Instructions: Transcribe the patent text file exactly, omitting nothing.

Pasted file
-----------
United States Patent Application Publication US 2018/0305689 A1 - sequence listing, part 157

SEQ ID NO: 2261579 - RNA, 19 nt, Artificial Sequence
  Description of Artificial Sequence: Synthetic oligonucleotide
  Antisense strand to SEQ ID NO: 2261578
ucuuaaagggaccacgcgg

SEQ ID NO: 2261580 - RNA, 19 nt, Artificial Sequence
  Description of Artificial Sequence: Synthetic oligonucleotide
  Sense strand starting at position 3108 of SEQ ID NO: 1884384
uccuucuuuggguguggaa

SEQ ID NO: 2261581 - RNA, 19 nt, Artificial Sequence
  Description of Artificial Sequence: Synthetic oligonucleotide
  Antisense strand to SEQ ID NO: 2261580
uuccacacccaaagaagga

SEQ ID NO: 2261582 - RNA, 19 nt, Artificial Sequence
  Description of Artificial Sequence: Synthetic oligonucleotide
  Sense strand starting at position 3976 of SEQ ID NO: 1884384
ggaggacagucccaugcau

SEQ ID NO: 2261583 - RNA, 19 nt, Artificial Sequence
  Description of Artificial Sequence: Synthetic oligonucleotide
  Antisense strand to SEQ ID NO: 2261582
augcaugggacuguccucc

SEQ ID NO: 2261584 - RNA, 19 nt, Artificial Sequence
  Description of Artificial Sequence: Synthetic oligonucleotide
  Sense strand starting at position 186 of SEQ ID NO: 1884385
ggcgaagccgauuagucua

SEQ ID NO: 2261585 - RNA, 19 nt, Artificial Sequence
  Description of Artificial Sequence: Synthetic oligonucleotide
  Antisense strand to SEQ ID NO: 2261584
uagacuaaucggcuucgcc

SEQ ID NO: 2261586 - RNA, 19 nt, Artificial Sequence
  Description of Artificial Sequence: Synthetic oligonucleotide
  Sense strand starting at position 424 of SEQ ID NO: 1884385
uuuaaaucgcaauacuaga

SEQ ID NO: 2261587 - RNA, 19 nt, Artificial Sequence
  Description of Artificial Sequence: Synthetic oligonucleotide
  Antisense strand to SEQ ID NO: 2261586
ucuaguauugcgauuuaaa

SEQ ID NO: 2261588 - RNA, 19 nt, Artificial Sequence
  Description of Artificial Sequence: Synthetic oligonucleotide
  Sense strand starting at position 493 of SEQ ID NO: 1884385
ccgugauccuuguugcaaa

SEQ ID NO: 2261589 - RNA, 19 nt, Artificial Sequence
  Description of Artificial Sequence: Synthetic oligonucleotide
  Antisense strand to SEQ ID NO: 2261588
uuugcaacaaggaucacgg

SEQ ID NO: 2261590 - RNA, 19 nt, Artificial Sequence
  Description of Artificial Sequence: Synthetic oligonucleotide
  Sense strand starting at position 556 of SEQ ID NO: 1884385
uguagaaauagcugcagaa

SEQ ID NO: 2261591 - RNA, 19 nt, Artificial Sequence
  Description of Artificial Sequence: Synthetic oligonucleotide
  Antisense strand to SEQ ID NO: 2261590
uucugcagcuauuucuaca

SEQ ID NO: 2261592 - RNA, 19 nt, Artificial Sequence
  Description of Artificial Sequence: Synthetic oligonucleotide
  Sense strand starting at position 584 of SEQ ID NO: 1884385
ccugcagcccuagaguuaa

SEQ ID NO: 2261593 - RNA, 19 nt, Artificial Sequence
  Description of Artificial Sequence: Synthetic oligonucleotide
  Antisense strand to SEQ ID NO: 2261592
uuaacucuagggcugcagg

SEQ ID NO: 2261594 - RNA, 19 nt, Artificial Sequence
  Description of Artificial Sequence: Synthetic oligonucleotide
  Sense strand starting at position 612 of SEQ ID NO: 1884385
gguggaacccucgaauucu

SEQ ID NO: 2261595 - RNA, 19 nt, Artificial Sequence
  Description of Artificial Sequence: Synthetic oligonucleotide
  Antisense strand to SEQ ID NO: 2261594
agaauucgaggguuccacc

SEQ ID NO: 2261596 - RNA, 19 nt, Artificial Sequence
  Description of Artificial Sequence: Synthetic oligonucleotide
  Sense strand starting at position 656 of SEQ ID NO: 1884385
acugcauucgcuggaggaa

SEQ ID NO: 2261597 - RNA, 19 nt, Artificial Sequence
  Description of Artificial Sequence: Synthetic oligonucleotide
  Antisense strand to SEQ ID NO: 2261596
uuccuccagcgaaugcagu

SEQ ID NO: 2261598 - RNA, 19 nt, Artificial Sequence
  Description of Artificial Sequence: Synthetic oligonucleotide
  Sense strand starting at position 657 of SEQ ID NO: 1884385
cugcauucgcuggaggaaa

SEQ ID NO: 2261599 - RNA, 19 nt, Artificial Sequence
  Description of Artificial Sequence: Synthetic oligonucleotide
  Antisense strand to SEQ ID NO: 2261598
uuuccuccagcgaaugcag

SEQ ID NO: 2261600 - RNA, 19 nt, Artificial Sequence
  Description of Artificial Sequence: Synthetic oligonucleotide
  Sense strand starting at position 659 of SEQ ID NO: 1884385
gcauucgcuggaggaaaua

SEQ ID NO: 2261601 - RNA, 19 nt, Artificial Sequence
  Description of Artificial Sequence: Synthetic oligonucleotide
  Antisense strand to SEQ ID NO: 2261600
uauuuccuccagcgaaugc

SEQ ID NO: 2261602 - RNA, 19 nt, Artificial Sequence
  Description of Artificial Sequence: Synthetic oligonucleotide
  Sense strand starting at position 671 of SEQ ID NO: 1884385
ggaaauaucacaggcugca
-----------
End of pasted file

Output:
United States Patent Application Publication US 2018/0305689 A1 - sequence listing, part 157

SEQ ID NO: 2261579 - RNA, 19 nt, Artificial Sequence
  Description of Artificial Sequence: Synthetic oligonucleotide
  Antisense strand to SEQ ID NO: 2261578
ucuuaaagggaccacgcgg

SEQ ID NO: 2261580 - RNA, 19 nt, Artificial Sequence
  Description of Artificial Sequence: Synthetic oligonucleotide
  Sense strand starting at position 3108 of SEQ ID NO: 1884384
uccuucuuuggguguggaa

SEQ ID NO: 2261581 - RNA, 19 nt, Artificial Sequence
  Description of Artificial Sequence: Synthetic oligonucleotide
  Antisense strand to SEQ ID NO: 2261580
uuccacacccaaagaagga

SEQ ID NO: 2261582 - RNA, 19 nt, Artificial Sequence
  Description of Artificial Sequence: Synthetic oligonucleotide
  Sense strand starting at position 3976 of SEQ ID NO: 1884384
ggaggacagucccaugcau

SEQ ID NO: 2261583 - RNA, 19 nt, Artificial Sequence
  Description of Artificial Sequence: Synthetic oligonucleotide
  Antisense strand to SEQ ID NO: 2261582
augcaugggacuguccucc

SEQ ID NO: 2261584 - RNA, 19 nt, Artificial Sequence
  Description of Artificial Sequence: Synthetic oligonucleotide
  Sense strand starting at position 186 of SEQ ID NO: 1884385
ggcgaagccgauuagucua

SEQ ID NO: 2261585 - RNA, 19 nt, Artificial Sequence
  Description of Artificial Sequence: Synthetic oligonucleotide
  Antisense strand to SEQ ID NO: 2261584
uagacuaaucggcuucgcc

SEQ ID NO: 2261586 - RNA, 19 nt, Artificial Sequence
  Description of Artificial Sequence: Synthetic oligonucleotide
  Sense strand starting at position 424 of SEQ ID NO: 1884385
uuuaaaucgcaauacuaga

SEQ ID NO: 2261587 - RNA, 19 nt, Artificial Sequence
  Description of Artificial Sequence: Synthetic oligonucleotide
  Antisense strand to SEQ ID NO: 2261586
ucuaguauugcgauuuaaa

SEQ ID NO: 2261588 - RNA, 19 nt, Artificial Sequence
  Description of Artificial Sequence: Synthetic oligonucleotide
  Sense strand starting at position 493 of SEQ ID NO: 1884385
ccgugauccuuguugcaaa

SEQ ID NO: 2261589 - RNA, 19 nt, Artificial Sequence
  Description of Artificial Sequence: Synthetic oligonucleotide
  Antisense strand to SEQ ID NO: 2261588
uuugcaacaaggaucacgg

SEQ ID NO: 2261590 - RNA, 19 nt, Artificial Sequence
  Description of Artificial Sequence: Synthetic oligonucleotide
  Sense strand starting at position 556 of SEQ ID NO: 1884385
uguagaaauagcugcagaa

SEQ ID NO: 2261591 - RNA, 19 nt, Artificial Sequence
  Description of Artificial Sequence: Synthetic oligonucleotide
  Antisense strand to SEQ ID NO: 2261590
uucugcagcuauuucuaca

SEQ ID NO: 2261592 - RNA, 19 nt, Artificial Sequence
  Description of Artificial Sequence: Synthetic oligonucleotide
  Sense strand starting at position 584 of SEQ ID NO: 1884385
ccugcagcccuagaguuaa

SEQ ID NO: 2261593 - RNA, 19 nt, Artificial Sequence
  Description of Artificial Sequence: Synthetic oligonucleotide
  Antisense strand to SEQ ID NO: 2261592
uuaacucuagggcugcagg

SEQ ID NO: 2261594 - RNA, 19 nt, Artificial Sequence
  Description of Artificial Sequence: Synthetic oligonucleotide
  Sense strand starting at position 612 of SEQ ID NO: 1884385
gguggaacccucgaauucu

SEQ ID NO: 2261595 - RNA, 19 nt, Artificial Sequence
  Description of Artificial Sequence: Synthetic oligonucleotide
  Antisense strand to SEQ ID NO: 2261594
agaauucgaggguuccacc

SEQ ID NO: 2261596 - RNA, 19 nt, Artificial Sequence
  Description of Artificial Sequence: Synthetic oligonucleotide
  Sense strand starting at position 656 of SEQ ID NO: 1884385
acugcauucgcuggaggaa

SEQ ID NO: 2261597 - RNA, 19 nt, Artificial Sequence
  Description of Artificial Sequence: Synthetic oligonucleotide
  Antisense strand to SEQ ID NO: 2261596
uuccuccagcgaaugcagu

SEQ ID NO: 2261598 - RNA, 19 nt, Artificial Sequence
  Description of Artificial Sequence: Synthetic oligonucleotide
  Sense strand starting at position 657 of SEQ ID NO: 1884385
cugcauucgcuggaggaaa

SEQ ID NO: 2261599 - RNA, 19 nt, Artificial Sequence
  Description of Artificial Sequence: Synthetic oligonucleotide
  Antisense strand to SEQ ID NO: 2261598
uuuccuccagcgaaugcag

SEQ ID NO: 2261600 - RNA, 19 nt, Artificial Sequence
  Description of Artificial Sequence: Synthetic oligonucleotide
  Sense strand starting at position 659 of SEQ ID NO: 1884385
gcauucgcuggaggaaaua

SEQ ID NO: 2261601 - RNA, 19 nt, Artificial Sequence
  Description of Artificial Sequence: Synthetic oligonucleotide
  Antisense strand to SEQ ID NO: 2261600
uauuuccuccagcgaaugc

SEQ ID NO: 2261602 - RNA, 19 nt, Artificial Sequence
  Description of Artificial Sequence: Synthetic oligonucleotide
  Sense strand starting at position 671 of SEQ ID NO: 1884385
ggaaauaucacaggcugca